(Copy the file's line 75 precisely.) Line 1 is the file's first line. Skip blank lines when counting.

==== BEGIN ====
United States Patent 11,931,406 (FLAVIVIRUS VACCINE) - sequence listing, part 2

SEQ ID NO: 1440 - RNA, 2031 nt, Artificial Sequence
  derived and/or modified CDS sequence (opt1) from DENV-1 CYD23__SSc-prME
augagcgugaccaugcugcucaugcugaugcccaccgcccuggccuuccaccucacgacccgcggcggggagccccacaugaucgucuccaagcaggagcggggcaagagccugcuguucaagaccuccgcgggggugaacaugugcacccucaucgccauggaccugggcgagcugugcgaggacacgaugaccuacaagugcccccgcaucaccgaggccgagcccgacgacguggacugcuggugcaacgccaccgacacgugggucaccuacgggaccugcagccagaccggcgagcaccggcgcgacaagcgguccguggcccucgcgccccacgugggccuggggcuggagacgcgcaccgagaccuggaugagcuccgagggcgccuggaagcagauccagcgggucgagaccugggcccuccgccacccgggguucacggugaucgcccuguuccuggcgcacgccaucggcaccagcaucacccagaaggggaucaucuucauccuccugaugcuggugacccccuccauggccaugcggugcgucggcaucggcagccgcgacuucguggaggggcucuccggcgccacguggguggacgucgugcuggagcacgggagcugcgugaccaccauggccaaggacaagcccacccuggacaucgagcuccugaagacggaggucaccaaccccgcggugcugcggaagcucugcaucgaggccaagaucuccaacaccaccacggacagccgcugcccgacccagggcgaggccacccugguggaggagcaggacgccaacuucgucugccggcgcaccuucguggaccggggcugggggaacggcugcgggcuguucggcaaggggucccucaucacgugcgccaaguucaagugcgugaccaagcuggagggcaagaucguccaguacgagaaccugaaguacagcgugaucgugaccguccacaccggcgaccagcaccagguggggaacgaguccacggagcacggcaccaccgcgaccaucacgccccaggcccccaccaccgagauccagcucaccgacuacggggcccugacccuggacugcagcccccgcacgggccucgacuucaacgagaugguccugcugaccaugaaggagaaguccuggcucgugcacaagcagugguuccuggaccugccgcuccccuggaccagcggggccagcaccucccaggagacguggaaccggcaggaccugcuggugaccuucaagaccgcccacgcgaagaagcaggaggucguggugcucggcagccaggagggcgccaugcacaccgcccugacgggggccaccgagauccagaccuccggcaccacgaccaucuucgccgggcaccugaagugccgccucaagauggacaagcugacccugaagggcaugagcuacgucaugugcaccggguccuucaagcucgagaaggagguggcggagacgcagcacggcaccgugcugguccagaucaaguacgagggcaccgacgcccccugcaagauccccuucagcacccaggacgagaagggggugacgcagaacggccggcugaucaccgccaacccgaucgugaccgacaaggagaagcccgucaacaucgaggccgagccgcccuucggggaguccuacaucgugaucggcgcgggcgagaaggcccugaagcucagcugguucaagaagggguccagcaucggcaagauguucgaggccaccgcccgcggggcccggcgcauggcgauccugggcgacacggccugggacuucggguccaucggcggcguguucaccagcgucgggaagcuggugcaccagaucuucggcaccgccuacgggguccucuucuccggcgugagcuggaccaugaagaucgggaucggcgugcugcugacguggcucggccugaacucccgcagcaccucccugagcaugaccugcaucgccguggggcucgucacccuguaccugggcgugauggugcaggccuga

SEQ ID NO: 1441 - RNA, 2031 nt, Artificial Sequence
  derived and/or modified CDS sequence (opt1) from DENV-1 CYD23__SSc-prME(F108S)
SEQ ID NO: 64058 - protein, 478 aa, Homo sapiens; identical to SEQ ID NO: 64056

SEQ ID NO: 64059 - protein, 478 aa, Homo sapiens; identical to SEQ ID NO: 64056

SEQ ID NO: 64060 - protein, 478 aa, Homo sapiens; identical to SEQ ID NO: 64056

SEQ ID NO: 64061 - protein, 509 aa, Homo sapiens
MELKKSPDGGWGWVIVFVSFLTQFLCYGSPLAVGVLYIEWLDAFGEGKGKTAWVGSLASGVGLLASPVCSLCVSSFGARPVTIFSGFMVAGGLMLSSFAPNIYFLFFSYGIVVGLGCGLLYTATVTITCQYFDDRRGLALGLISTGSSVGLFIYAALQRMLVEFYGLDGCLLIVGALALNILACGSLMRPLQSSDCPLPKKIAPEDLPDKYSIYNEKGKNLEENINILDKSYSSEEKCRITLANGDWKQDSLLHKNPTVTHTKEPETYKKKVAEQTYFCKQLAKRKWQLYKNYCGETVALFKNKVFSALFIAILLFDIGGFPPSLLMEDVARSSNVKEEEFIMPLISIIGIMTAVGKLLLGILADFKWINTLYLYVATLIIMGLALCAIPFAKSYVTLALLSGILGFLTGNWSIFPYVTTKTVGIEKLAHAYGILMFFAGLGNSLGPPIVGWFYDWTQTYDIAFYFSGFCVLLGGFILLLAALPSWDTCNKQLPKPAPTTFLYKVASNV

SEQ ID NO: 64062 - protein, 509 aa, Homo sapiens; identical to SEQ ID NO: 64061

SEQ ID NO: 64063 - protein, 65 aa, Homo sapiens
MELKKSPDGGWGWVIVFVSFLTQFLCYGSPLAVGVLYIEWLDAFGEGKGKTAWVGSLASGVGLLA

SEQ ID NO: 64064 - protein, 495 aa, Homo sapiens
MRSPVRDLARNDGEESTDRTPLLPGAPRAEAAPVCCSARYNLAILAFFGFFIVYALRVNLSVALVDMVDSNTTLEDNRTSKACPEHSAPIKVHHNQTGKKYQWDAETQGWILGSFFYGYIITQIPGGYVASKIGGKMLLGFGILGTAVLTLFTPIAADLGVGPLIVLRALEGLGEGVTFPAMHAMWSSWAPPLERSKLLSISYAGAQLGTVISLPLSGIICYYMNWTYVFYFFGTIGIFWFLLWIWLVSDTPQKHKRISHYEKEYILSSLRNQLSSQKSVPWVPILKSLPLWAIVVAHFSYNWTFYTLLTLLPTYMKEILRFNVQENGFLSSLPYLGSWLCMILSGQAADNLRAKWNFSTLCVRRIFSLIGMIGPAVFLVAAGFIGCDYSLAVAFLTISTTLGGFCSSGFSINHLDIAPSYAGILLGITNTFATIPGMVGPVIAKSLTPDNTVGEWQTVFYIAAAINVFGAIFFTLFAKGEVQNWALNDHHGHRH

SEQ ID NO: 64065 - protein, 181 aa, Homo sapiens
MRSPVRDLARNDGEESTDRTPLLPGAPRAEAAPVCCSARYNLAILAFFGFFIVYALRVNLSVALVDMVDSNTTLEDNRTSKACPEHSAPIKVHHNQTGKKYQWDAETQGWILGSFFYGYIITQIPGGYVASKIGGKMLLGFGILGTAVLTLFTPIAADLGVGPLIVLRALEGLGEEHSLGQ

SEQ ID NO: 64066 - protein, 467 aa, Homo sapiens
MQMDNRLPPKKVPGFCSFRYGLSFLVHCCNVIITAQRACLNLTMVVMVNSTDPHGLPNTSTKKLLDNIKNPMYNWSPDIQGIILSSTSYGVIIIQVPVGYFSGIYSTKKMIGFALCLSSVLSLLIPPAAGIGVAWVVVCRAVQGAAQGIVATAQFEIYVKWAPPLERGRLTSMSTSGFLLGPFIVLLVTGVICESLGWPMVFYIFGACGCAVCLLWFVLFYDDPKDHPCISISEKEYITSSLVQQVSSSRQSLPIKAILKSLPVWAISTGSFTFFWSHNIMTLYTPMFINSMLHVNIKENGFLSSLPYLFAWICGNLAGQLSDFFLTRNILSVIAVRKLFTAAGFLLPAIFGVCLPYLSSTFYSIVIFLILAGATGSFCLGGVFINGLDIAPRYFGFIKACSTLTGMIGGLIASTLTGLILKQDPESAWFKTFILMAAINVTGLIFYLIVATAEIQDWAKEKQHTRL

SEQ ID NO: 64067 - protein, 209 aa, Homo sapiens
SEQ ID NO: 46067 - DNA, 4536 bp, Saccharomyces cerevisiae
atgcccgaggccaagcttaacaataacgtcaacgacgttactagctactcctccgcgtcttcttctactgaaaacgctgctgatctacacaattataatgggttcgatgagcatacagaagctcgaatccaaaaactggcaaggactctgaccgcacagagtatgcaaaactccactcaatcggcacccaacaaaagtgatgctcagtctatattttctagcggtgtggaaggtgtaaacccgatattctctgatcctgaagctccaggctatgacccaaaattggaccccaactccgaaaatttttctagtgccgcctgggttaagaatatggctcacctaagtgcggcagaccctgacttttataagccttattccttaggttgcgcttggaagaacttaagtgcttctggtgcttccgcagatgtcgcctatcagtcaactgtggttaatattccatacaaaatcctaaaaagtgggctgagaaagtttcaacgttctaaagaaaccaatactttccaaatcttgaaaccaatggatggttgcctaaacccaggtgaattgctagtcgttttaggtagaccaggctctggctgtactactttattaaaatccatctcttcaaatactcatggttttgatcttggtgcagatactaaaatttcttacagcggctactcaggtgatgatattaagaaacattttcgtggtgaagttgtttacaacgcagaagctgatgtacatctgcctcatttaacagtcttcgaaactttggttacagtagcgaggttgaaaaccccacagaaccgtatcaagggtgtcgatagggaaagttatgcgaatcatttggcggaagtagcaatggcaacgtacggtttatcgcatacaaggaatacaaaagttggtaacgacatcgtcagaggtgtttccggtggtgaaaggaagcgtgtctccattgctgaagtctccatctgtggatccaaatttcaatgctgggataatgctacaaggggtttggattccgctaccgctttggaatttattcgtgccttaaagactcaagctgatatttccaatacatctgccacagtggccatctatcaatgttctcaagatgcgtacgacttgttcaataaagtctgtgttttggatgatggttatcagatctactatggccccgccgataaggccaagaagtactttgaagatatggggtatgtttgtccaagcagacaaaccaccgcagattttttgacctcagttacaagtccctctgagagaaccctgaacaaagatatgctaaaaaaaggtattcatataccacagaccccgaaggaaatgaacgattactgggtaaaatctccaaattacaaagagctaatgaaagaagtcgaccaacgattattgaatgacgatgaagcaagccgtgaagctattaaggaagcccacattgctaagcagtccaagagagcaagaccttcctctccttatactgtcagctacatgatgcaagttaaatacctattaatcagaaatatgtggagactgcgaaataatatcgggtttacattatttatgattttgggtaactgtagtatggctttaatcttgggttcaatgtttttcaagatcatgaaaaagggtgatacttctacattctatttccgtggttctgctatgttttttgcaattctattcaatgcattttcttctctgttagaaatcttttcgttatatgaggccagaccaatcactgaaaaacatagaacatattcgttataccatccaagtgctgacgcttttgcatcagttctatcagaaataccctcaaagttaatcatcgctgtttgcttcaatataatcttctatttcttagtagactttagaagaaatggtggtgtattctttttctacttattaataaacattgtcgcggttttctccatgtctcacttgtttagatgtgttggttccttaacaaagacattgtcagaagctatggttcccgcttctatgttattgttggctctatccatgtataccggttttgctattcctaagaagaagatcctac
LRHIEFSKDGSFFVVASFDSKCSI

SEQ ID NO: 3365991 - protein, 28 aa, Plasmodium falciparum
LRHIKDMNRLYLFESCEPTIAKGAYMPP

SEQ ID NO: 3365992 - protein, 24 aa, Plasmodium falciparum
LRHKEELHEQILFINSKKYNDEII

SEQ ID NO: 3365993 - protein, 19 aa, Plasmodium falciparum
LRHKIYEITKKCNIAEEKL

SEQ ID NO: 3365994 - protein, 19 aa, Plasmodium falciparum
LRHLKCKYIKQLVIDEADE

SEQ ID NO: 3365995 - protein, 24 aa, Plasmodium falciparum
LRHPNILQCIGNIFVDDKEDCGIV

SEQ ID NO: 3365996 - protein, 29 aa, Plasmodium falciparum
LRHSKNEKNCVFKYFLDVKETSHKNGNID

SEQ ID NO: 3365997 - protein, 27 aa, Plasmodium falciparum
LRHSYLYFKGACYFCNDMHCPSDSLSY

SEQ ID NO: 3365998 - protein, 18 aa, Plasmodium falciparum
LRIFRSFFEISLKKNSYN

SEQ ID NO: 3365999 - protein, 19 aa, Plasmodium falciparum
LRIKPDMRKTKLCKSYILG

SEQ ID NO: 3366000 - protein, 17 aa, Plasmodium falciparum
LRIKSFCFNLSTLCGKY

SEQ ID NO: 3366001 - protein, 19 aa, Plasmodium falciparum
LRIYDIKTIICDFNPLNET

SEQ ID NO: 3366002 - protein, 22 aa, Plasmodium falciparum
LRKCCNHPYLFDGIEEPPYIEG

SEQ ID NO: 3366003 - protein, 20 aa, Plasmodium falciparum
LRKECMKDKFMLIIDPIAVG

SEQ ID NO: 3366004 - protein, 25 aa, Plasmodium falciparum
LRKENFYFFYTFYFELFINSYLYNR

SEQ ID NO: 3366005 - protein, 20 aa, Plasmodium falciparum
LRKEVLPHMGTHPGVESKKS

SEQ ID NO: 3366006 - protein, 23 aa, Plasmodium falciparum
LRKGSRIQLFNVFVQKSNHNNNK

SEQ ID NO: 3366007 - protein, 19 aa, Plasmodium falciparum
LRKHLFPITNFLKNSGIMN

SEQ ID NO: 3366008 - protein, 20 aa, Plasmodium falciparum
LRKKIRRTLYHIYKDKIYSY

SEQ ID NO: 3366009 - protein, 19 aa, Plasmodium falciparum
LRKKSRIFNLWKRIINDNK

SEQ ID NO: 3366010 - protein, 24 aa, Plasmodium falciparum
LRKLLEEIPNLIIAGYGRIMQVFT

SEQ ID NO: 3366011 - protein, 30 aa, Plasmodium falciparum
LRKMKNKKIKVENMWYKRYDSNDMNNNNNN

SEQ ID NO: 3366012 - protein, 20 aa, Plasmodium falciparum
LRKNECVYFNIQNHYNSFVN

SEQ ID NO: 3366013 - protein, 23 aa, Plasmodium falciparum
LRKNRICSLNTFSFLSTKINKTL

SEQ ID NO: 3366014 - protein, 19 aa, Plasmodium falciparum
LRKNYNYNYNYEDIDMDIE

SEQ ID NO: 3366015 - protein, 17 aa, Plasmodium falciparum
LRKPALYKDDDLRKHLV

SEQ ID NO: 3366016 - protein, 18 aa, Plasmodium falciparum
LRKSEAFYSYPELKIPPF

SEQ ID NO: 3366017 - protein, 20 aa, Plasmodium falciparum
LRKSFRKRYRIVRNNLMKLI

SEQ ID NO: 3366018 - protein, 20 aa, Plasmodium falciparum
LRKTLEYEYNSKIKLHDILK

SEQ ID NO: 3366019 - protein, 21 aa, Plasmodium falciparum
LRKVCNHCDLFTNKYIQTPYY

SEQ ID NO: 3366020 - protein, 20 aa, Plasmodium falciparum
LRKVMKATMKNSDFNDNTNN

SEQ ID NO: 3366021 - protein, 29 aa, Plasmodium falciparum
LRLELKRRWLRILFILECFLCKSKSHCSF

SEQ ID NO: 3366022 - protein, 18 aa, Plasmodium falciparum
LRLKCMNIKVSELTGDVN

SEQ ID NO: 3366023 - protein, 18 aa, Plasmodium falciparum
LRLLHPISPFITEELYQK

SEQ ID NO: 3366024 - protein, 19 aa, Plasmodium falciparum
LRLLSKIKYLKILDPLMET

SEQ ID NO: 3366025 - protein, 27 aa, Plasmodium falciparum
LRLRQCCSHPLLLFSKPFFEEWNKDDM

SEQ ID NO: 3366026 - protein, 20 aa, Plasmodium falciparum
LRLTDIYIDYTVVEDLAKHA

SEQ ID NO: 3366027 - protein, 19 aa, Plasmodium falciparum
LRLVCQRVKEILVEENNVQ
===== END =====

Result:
SEQ ID NO: 3366016 - protein, 18 aa, Plasmodium falciparum